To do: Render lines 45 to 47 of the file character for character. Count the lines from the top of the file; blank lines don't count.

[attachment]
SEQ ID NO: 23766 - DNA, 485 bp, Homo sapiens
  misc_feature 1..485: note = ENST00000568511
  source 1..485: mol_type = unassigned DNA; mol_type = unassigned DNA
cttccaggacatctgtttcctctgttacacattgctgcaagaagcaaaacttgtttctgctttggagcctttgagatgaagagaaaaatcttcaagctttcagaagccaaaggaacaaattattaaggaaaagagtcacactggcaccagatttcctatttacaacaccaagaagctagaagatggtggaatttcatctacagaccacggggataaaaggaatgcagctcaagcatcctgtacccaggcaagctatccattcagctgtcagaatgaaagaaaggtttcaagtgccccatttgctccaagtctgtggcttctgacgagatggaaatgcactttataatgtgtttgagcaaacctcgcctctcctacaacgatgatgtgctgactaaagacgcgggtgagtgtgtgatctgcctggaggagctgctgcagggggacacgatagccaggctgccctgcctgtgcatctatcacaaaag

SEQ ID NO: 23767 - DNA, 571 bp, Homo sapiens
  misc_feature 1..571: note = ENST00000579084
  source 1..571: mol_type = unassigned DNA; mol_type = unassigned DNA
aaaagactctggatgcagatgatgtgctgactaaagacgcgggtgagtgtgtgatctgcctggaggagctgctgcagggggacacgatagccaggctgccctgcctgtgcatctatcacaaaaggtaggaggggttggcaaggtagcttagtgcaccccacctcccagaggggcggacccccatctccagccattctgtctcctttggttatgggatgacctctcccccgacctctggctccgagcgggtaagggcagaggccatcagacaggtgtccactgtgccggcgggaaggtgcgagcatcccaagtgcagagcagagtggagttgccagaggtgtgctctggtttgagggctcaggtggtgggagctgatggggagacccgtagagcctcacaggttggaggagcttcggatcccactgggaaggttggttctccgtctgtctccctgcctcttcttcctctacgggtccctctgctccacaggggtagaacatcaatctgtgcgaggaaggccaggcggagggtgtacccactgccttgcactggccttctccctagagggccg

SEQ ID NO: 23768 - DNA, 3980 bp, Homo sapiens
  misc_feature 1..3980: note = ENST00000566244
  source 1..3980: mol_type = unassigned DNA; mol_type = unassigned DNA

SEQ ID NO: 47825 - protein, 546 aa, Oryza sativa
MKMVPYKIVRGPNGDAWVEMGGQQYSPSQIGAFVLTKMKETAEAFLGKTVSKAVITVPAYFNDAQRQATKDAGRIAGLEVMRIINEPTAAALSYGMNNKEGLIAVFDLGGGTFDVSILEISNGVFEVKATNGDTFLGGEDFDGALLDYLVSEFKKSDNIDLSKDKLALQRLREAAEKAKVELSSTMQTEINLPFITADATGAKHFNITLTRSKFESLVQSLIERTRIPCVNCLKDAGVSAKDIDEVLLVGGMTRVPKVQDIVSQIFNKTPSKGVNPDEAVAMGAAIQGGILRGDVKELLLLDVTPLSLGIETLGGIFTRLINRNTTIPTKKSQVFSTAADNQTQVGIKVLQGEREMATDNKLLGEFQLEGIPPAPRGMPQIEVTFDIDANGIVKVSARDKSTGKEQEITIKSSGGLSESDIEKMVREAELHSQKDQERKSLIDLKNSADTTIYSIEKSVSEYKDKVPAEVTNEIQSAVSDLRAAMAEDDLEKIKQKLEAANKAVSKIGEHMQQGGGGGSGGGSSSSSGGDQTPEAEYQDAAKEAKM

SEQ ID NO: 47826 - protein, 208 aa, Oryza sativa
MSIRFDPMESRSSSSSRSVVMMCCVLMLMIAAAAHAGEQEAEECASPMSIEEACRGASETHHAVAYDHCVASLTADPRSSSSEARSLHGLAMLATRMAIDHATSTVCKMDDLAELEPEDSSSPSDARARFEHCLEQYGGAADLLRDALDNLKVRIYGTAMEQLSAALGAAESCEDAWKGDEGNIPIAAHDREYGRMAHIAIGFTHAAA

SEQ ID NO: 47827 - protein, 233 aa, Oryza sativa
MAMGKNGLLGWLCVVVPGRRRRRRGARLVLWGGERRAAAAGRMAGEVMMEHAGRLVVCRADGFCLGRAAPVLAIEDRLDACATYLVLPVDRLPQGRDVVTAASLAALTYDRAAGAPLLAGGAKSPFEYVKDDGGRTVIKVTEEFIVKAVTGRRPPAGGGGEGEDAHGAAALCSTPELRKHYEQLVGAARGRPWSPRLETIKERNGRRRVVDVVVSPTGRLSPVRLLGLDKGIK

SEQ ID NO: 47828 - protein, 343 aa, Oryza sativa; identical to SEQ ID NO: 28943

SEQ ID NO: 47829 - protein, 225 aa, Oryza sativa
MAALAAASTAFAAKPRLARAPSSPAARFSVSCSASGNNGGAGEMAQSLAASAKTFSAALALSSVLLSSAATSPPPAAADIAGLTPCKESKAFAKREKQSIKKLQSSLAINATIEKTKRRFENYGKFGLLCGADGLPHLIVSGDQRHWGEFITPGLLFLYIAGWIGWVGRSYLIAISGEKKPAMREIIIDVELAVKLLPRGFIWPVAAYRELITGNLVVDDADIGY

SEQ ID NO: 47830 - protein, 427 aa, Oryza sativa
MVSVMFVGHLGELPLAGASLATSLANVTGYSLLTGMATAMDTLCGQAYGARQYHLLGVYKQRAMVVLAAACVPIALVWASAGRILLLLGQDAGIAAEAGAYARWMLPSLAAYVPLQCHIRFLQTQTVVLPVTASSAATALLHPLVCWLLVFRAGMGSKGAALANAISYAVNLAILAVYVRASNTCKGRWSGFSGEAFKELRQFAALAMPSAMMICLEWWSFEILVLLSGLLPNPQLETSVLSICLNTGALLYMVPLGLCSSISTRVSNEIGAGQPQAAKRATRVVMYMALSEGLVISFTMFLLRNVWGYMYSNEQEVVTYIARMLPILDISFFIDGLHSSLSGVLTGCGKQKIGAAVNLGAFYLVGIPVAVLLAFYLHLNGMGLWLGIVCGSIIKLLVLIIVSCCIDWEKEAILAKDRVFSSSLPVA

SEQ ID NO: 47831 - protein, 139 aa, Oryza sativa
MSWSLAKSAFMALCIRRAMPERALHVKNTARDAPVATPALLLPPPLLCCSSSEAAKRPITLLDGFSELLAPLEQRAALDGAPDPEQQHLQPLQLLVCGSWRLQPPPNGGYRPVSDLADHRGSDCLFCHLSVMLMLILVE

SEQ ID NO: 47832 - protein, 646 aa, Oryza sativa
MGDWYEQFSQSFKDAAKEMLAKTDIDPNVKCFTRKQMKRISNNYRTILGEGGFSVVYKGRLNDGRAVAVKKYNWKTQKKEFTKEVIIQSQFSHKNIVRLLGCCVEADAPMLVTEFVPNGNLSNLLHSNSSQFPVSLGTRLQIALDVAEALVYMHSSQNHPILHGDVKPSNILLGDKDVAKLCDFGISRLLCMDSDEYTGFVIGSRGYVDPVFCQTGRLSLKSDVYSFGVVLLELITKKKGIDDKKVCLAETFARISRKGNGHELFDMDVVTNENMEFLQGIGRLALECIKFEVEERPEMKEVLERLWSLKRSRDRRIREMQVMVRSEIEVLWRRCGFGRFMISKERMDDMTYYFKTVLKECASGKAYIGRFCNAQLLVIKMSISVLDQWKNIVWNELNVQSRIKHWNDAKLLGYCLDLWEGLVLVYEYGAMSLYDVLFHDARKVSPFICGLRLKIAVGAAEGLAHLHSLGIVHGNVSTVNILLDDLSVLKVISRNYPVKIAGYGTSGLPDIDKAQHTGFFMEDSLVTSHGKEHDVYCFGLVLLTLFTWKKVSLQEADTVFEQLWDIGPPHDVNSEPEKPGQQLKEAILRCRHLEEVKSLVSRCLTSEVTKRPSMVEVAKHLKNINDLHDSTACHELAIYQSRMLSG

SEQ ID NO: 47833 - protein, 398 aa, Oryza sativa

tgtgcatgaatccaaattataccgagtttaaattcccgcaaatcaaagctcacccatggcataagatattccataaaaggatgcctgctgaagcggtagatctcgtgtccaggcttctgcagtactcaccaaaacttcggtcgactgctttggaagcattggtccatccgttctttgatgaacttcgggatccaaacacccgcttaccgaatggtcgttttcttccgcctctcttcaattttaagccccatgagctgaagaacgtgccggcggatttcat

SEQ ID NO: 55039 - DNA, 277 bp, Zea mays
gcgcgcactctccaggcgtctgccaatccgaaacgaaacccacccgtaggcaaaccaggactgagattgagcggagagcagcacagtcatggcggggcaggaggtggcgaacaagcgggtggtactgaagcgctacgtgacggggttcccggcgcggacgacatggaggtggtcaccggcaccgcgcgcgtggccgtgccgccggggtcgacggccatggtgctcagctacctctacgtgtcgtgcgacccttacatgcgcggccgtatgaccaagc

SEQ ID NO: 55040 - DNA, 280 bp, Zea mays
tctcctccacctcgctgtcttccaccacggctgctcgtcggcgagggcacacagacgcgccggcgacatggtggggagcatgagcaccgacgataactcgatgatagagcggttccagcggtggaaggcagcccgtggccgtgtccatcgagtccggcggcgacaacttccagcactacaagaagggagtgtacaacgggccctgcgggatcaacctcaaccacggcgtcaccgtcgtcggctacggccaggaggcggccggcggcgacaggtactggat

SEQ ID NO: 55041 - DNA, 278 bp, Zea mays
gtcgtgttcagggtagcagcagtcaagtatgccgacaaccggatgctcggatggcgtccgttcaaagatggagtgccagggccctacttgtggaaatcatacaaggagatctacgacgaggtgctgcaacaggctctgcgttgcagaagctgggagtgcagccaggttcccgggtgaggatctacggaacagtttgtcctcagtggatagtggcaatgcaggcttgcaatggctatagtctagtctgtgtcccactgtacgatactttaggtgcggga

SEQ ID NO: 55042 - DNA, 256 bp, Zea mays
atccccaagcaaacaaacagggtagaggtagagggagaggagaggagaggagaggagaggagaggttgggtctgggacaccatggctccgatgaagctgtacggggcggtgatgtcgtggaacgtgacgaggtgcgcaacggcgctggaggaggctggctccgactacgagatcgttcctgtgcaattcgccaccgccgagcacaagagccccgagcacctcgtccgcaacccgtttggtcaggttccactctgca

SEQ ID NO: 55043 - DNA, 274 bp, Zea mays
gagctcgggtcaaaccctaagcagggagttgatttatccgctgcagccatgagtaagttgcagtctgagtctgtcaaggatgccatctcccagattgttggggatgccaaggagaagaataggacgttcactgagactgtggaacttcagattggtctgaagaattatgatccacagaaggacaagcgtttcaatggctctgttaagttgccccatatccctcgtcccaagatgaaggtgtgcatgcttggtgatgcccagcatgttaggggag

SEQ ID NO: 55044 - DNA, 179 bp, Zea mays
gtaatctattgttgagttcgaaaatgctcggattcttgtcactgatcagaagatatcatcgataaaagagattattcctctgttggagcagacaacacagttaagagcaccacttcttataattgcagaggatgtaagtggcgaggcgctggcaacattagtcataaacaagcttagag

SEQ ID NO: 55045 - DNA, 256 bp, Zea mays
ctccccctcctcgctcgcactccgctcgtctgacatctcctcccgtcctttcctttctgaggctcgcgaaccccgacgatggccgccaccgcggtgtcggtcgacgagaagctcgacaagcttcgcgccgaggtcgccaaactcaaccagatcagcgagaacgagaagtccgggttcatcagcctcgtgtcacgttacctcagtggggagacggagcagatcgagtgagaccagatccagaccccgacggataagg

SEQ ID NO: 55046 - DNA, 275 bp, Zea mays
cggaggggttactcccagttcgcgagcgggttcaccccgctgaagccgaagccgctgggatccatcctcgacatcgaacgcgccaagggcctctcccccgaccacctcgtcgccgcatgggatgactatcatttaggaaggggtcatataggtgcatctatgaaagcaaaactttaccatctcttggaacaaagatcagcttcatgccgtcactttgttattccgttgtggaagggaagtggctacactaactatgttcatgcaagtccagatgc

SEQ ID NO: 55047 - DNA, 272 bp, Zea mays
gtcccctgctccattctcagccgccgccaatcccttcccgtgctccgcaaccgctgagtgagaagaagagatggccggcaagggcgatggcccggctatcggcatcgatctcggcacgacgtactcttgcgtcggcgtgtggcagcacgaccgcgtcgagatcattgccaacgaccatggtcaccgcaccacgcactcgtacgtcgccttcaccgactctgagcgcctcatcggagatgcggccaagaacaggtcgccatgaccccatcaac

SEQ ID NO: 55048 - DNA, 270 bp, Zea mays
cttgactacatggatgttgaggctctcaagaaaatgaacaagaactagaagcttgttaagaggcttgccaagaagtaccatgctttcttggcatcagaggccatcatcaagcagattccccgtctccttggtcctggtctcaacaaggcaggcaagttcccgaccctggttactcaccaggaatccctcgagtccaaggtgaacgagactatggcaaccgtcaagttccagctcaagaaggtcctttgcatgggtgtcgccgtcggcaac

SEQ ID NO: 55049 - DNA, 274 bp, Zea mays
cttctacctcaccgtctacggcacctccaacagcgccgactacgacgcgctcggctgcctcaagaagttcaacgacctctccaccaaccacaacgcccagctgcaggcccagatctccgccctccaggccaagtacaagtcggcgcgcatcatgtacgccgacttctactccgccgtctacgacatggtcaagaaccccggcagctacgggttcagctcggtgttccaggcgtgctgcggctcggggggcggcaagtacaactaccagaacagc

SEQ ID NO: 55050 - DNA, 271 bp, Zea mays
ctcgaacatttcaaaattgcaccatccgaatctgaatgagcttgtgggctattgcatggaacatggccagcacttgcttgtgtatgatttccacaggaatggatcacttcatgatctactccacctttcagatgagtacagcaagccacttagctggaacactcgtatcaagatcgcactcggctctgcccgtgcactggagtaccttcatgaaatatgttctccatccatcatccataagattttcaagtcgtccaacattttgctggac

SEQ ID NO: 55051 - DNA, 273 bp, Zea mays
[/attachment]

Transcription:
SEQ ID NO: 55047 - DNA, 272 bp, Zea mays
gtcccctgctccattctcagccgccgccaatcccttcccgtgctccgcaaccgctgagtgagaagaagagatggccggcaagggcgatggcccggctatcggcatcgatctcggcacgacgtactcttgcgtcggcgtgtggcagcacgaccgcgtcgagatcattgccaacgaccatggtcaccgcaccacgcactcgtacgtcgccttcaccgactctgagcgcctcatcggagatgcggccaagaacaggtcgccatgaccccatcaac

SEQ ID NO: 55048 - DNA, 270 bp, Zea mays